The ice, which he believed dropped out of the plane, crashed through the roof of Mississauga's home


A man from Mississauga says that they are happy to be safe after the big boulder ice that he believed dropped out of the plane, crashing through the roof of his home and landing steps away from his bed.

Tony Caccavo told Global News that his wife heard loud poking around 6:30 am Wednesday and saw damage in their bedroom cabinets. He said that he called him and returned to his home, located near Winston Churchill Boulevard and The Collegeway, about 20 kilometers south of Toronto Pearson International Airport to see what happened.

"At first, I thought I had a leak on the roof, but then he built ice and then he fell," said Caccavo.

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"When I came home when my wife called, I saw a hole and said:" In any case, it had to come out of the air. "

He said that the impact force threw some of the icebergs under the bed a few meters away.

WATCH: A large piece of ice crashes through Mississauga home

"I was a fool. I said, "What the hell?" We're not safe here, even sleeping at home. One minute can change everything. In a way, we have a lot of luck, "said Caccavo.

Two meters a little [one] That's how I would get my wife. Four meters [to another] Get away from my son. And half an hour ago, he would have got me because I went to work in six. "

He said they were waiting for the officials' answers on what had happened. Caccavo said that his insurance company agreed to cover most of the damage.

According to the archived flight data on the website of the airport, Boeing 767-300, which flew to Toronto from Las Vegas, flew over Caccavo's neighborhood at 6:29 am.

Archived flight data shows Boeing 767-300, which flew over the Caccava area on Wednesday morning.

Screenshot / Toronto Pearson International Airport

Air Canada Air from Las Vegas, 1854, was estimated to have arrived at Pearson Airport at 6:56 am. A spokeswoman for Air Canada told Global News that they are unaware that any of the aircraft in the company would be involved in such situations.

The WestJet 1119 flight from Las Vegas was estimated to have arrived at Pearson Airport at 6:53. A representative of the airline was not available for comment on Wednesday night.

Global News turned to Transport Canada, the Federal Aviation Ministry, on Wednesday night to inquire about the incident, but officials were unable to comment.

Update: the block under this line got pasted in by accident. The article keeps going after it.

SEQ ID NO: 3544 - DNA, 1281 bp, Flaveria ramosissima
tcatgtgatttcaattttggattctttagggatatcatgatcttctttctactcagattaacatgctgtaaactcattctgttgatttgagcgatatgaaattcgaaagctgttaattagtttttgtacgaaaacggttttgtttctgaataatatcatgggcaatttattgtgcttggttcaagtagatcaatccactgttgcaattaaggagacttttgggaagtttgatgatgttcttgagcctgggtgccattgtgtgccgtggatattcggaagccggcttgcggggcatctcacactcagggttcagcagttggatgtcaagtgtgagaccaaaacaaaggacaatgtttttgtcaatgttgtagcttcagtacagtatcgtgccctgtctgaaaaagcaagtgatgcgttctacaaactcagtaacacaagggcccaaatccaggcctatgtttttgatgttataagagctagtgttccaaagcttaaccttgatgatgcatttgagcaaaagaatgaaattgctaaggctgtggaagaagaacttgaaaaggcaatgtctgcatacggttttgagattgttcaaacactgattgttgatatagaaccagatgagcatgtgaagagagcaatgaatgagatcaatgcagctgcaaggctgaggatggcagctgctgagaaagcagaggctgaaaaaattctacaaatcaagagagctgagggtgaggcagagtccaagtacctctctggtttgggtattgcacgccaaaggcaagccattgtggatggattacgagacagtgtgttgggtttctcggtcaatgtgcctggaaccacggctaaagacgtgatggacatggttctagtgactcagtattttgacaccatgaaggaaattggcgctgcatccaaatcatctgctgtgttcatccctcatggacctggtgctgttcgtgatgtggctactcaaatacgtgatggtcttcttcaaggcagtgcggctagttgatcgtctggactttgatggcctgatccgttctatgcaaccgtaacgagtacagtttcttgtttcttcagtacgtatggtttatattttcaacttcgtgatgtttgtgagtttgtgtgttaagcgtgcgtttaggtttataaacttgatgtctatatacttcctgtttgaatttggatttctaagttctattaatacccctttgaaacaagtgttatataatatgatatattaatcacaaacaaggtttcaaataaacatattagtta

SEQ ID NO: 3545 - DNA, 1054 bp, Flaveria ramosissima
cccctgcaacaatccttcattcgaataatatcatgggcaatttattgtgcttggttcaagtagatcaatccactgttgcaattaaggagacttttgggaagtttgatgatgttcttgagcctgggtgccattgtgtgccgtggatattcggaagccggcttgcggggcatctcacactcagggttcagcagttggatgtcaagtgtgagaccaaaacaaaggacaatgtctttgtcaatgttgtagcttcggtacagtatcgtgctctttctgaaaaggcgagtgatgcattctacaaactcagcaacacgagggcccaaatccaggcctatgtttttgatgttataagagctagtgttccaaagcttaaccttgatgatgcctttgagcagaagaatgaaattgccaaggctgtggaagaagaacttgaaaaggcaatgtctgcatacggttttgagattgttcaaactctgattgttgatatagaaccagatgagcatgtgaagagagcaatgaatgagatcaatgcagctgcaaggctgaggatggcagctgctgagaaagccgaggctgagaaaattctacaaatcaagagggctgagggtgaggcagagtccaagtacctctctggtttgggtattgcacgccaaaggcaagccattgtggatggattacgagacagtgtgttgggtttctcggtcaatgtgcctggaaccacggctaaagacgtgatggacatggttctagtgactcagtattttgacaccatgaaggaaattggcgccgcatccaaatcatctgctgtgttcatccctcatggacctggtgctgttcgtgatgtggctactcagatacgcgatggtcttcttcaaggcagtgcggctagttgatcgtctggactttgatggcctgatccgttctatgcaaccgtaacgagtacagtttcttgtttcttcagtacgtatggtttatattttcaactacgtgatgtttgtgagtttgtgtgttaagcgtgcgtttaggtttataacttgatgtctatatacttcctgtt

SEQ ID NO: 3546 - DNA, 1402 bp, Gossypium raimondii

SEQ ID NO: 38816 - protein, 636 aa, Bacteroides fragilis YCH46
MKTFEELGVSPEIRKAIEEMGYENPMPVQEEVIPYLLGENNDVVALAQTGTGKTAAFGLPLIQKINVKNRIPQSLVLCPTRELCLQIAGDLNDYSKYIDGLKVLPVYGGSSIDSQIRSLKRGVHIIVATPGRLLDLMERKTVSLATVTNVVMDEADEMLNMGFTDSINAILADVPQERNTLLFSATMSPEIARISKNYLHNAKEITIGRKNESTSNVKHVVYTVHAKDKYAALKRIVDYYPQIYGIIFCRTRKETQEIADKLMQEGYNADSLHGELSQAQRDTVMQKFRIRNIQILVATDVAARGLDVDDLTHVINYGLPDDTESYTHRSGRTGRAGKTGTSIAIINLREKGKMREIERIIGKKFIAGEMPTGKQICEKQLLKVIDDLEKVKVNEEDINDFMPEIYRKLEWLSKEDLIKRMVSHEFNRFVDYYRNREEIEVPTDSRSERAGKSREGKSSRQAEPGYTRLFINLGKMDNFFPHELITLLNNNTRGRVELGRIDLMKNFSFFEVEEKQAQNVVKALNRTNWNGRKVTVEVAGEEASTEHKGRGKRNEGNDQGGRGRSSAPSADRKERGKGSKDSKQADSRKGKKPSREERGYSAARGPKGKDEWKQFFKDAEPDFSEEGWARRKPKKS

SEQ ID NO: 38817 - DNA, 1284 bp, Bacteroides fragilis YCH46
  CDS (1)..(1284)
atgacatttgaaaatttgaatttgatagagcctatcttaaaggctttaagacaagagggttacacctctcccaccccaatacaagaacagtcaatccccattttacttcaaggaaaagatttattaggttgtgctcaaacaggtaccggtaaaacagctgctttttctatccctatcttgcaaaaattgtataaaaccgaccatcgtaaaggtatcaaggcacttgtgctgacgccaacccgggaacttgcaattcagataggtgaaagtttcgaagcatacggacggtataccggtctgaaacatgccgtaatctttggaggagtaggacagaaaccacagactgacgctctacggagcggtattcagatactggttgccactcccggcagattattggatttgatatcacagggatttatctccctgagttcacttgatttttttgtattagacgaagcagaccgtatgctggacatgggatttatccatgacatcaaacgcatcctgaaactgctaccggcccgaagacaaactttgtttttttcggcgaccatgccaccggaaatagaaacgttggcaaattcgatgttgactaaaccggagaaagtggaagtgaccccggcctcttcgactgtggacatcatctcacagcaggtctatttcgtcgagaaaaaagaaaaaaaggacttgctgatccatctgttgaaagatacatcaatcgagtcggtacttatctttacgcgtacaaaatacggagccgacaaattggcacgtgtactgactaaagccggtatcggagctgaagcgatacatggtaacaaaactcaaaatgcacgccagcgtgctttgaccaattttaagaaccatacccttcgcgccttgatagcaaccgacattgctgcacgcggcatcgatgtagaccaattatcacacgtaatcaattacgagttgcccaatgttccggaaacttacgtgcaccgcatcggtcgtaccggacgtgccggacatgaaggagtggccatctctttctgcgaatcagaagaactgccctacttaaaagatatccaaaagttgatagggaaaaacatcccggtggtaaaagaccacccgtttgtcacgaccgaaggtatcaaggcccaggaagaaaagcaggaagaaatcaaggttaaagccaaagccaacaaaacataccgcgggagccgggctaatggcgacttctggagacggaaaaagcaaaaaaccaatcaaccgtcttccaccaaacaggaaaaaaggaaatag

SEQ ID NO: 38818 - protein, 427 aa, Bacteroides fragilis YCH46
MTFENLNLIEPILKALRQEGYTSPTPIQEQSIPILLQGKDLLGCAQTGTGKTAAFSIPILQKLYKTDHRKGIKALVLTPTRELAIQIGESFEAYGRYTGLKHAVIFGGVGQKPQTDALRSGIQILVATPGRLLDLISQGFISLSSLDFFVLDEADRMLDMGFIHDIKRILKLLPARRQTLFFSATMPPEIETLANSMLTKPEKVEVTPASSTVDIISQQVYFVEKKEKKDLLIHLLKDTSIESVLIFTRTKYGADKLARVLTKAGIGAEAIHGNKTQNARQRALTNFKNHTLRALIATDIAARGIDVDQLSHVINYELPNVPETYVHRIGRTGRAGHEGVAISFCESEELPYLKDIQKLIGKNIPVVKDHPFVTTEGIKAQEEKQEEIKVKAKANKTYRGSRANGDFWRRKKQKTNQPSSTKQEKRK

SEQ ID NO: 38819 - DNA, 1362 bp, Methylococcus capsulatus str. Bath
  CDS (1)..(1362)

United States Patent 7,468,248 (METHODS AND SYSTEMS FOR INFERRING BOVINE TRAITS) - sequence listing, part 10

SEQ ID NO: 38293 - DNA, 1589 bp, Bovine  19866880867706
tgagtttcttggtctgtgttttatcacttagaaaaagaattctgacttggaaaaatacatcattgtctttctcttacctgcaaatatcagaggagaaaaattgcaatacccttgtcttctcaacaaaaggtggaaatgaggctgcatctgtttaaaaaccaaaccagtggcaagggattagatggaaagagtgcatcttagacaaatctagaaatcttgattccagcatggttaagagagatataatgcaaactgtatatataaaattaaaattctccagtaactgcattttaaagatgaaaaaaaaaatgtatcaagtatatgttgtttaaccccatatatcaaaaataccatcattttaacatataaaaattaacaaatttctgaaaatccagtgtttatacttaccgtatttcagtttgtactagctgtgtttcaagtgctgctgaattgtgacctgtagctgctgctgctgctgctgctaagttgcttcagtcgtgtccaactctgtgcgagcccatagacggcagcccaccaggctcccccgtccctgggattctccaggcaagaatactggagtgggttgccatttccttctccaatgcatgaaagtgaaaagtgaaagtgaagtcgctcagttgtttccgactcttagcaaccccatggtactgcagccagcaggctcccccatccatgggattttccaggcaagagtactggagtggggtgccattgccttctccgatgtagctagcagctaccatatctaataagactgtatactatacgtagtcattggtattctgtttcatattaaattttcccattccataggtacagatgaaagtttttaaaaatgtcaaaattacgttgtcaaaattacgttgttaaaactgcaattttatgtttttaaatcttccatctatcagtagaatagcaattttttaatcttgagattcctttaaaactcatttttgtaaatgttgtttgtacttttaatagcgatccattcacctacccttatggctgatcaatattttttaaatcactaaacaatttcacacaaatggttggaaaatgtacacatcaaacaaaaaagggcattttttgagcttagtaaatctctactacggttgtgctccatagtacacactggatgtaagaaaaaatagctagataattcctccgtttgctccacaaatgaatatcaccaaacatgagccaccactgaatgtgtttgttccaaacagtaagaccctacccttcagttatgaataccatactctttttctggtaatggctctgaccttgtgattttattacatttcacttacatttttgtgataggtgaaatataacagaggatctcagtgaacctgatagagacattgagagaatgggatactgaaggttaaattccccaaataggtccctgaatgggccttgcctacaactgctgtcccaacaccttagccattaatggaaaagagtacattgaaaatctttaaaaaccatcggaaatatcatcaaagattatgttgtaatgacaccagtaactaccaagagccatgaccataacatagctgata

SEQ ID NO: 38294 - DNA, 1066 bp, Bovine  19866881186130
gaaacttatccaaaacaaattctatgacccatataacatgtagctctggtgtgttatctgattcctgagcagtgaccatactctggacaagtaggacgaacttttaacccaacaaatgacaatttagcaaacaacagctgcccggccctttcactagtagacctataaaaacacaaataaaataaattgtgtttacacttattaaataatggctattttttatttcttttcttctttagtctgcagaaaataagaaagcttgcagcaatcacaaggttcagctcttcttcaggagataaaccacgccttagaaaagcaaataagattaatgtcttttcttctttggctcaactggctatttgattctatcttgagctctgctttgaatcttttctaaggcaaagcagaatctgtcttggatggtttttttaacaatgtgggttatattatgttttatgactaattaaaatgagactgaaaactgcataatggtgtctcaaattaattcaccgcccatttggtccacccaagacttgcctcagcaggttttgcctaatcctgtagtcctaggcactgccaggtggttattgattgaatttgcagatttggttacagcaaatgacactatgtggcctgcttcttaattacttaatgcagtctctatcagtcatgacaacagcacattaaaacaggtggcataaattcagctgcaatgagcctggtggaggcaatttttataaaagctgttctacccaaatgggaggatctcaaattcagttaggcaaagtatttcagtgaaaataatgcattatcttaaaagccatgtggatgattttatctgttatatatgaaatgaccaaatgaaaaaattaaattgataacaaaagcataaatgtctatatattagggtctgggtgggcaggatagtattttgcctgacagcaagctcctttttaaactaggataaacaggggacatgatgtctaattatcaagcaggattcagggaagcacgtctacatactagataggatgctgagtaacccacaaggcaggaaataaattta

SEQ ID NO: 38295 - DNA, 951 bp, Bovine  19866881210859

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A spokesman for the Canadian Transport Safety Committee, the agency responsible for investigating major accidents involving all major modes of transport, told Global News that officials had not been investigated since midnight.

Asked about the damage, aviation expert Jock Williams said that it was very likely that the ice had come from the plane.

"It takes a million drops to get the speed you need to penetrate the roof," he told Global News.

"A 5-pound object that falls with 10,000 feet – or 20,000, or anything else – will go through every house or roof you want to place."

Williams says that the accumulation of ice on the planes does not occur in rocks, such as those shown by Caccavo, but in thin sheets. He was thinking about some of the causes of falling ice.

"Perhaps when they were cycling with a tool on land, a piece of ice was made," he said, adding that a leakage point may have occurred in the pillar.

The other theory was that uncontaminated liquids that the personnel on the ground drained into the toilet system might have built right in the door of the compartment and were released during the year.

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"All you need is a little turbulence," Williams said.

"Throw ice that weighs a few pounds against very thin aluminum doors. Opens the door, the ice falls out, the doors fall back into place and are pressed by the air pressure. "

He said that this type of incident is not outrageous, as there are many more incidents in unoccupied areas.

"There are probably many more of these things, then we know that ice falls into someone's yard or land in a place where no one can find it," said Williams.

– With the files of Kamil Karamali

© 2019 Global News, Corus Entertainment Inc.


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